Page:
At that time, the author and Steve Jobs were working together on a new iPod. The next morning after the Disney Board of Directors, he braveed his courage and asked, "I have an ridiculous idea, so why don't you go talk?" So I asked, "How about Disney buying Pixar?" Will Steve hang up or blow out? That moment seemed forever. Steve's reply was, "Oh, that would be ridiculous." This is the start of the acquisition plan.

A few weeks later, at Apple headquarters, the author and Steve were in front of a huge whiteboard. To discuss the plan. It took two hours to write down the advantages and disadvantages of the acquisition, but there were few advantages compared to the disadvantages. To the author, who thought it wasn't possible, Steve said, "The advantages are few, but sure, and more important than the many." Being deceived by the many demerits and not losing sight of the weight of merit and what you want to achieve, that is the awesomeness of a person named Steve Jobs.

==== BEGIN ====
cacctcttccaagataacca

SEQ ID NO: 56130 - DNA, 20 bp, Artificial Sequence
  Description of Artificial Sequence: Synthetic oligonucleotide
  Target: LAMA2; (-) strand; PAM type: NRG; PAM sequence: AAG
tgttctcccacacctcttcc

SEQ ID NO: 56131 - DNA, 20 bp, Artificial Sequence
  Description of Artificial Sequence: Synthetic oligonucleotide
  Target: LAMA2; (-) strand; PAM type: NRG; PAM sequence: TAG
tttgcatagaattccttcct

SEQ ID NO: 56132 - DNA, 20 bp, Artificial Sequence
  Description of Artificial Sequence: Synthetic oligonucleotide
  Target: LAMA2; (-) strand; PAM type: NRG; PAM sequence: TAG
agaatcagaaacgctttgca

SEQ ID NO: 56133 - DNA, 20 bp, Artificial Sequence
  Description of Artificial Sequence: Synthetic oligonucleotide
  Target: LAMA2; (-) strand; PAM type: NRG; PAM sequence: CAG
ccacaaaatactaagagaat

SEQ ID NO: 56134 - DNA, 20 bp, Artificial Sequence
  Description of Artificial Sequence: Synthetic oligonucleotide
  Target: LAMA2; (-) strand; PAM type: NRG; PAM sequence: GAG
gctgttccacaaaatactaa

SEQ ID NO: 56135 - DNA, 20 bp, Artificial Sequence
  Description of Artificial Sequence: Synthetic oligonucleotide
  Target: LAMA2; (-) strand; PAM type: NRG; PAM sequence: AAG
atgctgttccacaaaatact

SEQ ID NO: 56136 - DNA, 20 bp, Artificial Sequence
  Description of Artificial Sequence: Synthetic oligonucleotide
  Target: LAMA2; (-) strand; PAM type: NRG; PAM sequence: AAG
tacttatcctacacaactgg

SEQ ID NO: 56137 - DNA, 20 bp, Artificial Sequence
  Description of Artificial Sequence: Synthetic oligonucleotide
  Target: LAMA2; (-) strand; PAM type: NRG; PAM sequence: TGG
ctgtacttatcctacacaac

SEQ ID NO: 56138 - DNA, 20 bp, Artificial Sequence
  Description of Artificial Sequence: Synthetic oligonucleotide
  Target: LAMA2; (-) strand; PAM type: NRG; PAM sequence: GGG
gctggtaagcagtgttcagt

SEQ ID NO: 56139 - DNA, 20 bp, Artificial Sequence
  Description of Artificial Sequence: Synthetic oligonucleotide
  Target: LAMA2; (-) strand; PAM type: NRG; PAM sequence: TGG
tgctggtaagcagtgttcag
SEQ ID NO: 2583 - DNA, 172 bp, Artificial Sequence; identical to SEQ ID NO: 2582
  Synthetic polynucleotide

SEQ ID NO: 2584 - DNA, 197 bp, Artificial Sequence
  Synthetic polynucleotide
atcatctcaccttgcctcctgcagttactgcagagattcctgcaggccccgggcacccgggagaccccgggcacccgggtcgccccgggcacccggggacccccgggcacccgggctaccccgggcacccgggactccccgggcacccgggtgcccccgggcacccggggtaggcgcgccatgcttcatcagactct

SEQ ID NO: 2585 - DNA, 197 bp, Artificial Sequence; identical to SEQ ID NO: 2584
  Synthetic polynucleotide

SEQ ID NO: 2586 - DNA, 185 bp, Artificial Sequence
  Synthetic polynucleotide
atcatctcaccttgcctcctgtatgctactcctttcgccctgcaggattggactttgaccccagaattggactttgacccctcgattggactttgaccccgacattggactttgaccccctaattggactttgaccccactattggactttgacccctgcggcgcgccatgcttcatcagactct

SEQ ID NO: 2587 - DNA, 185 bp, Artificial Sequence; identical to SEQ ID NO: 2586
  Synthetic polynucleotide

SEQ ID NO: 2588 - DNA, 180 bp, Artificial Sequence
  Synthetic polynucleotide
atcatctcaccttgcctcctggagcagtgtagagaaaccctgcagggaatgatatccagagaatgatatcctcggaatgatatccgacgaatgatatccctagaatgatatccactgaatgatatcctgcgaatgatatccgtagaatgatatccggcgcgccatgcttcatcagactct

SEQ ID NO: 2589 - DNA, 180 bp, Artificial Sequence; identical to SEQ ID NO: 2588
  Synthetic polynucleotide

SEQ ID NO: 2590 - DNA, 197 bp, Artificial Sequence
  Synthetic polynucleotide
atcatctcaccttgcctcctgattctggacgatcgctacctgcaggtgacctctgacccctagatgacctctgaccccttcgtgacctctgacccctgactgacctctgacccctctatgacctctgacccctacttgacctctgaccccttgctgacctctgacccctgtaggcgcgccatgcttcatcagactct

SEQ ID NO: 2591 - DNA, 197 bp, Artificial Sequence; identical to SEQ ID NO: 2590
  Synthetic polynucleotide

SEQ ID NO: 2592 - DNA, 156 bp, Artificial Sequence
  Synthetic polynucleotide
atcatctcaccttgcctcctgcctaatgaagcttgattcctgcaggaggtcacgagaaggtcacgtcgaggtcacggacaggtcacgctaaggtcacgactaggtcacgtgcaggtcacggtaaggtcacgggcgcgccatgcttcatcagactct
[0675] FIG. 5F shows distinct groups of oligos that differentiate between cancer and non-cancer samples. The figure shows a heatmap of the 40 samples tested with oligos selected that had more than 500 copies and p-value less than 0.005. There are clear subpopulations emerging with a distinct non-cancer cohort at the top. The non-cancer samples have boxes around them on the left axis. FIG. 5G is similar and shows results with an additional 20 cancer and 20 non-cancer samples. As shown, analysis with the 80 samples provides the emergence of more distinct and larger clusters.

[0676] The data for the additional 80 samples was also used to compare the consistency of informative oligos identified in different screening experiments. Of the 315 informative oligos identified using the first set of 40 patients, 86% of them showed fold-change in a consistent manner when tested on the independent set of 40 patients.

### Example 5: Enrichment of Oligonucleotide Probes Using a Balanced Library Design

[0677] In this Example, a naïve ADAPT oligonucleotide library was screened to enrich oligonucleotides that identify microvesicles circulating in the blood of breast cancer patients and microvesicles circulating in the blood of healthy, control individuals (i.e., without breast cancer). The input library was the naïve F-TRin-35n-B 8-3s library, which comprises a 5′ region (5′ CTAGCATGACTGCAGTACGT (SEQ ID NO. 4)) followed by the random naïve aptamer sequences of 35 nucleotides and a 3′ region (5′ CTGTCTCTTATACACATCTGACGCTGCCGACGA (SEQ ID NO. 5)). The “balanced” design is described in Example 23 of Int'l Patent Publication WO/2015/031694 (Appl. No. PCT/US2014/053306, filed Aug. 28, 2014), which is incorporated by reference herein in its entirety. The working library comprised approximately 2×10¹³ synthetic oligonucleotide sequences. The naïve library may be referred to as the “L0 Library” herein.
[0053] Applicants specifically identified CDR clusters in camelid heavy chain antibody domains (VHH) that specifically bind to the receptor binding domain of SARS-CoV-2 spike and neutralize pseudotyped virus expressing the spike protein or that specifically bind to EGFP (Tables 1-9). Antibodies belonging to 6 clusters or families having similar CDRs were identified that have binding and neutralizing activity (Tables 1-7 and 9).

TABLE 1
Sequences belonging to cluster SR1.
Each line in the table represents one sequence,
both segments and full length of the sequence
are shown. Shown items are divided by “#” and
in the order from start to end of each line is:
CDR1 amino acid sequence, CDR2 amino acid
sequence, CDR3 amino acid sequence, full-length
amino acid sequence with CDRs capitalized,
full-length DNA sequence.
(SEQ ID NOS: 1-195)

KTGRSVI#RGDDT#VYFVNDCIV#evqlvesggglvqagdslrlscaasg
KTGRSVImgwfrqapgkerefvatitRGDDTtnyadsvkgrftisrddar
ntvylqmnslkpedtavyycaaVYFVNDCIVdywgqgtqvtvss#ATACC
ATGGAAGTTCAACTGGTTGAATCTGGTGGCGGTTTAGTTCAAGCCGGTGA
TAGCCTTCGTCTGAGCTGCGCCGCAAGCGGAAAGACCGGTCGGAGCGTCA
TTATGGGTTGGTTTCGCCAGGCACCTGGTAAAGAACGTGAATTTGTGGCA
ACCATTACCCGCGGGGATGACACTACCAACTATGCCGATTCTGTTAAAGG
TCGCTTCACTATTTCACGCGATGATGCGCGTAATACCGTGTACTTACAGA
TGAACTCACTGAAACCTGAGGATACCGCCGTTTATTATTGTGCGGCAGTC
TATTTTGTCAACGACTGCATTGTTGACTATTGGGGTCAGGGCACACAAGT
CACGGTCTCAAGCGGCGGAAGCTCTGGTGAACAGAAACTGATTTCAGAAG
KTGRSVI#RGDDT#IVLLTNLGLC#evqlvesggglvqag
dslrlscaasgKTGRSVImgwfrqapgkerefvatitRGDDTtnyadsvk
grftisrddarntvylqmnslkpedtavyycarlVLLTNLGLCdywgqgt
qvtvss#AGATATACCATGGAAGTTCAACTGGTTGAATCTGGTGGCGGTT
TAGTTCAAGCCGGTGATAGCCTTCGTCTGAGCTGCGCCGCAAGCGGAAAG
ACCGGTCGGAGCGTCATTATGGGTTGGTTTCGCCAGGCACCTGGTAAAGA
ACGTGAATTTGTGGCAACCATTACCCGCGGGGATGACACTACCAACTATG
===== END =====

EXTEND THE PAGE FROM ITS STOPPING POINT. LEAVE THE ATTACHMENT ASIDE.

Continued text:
Pixar acquisition

The author, who was taken to Steve by Pixar, experienced the finest staff and cutting-edge technology, and made a firm decision to acquire. But the team's reaction was chilly.

Certainly, in theory, the acquisition of Pixar doesn't pay. But I was confident that the acquisition would transform Disney.

Steve said that if John Lasseter and Ed Catmal both agree, they would like to think positively. The author eats with John and Ed with Steve's permission. If the acquisition is realized, I want to leave the animation department to John and Ed. Don't lose the Pixar character even if you buy it. Such a message was transmitted, and their agreement was successfully obtained.

The final challenge is the approval of Disney's board. Despite many oppositions, the author passed a sneak peek at the final board meeting, finally approving the Pixar acquisition.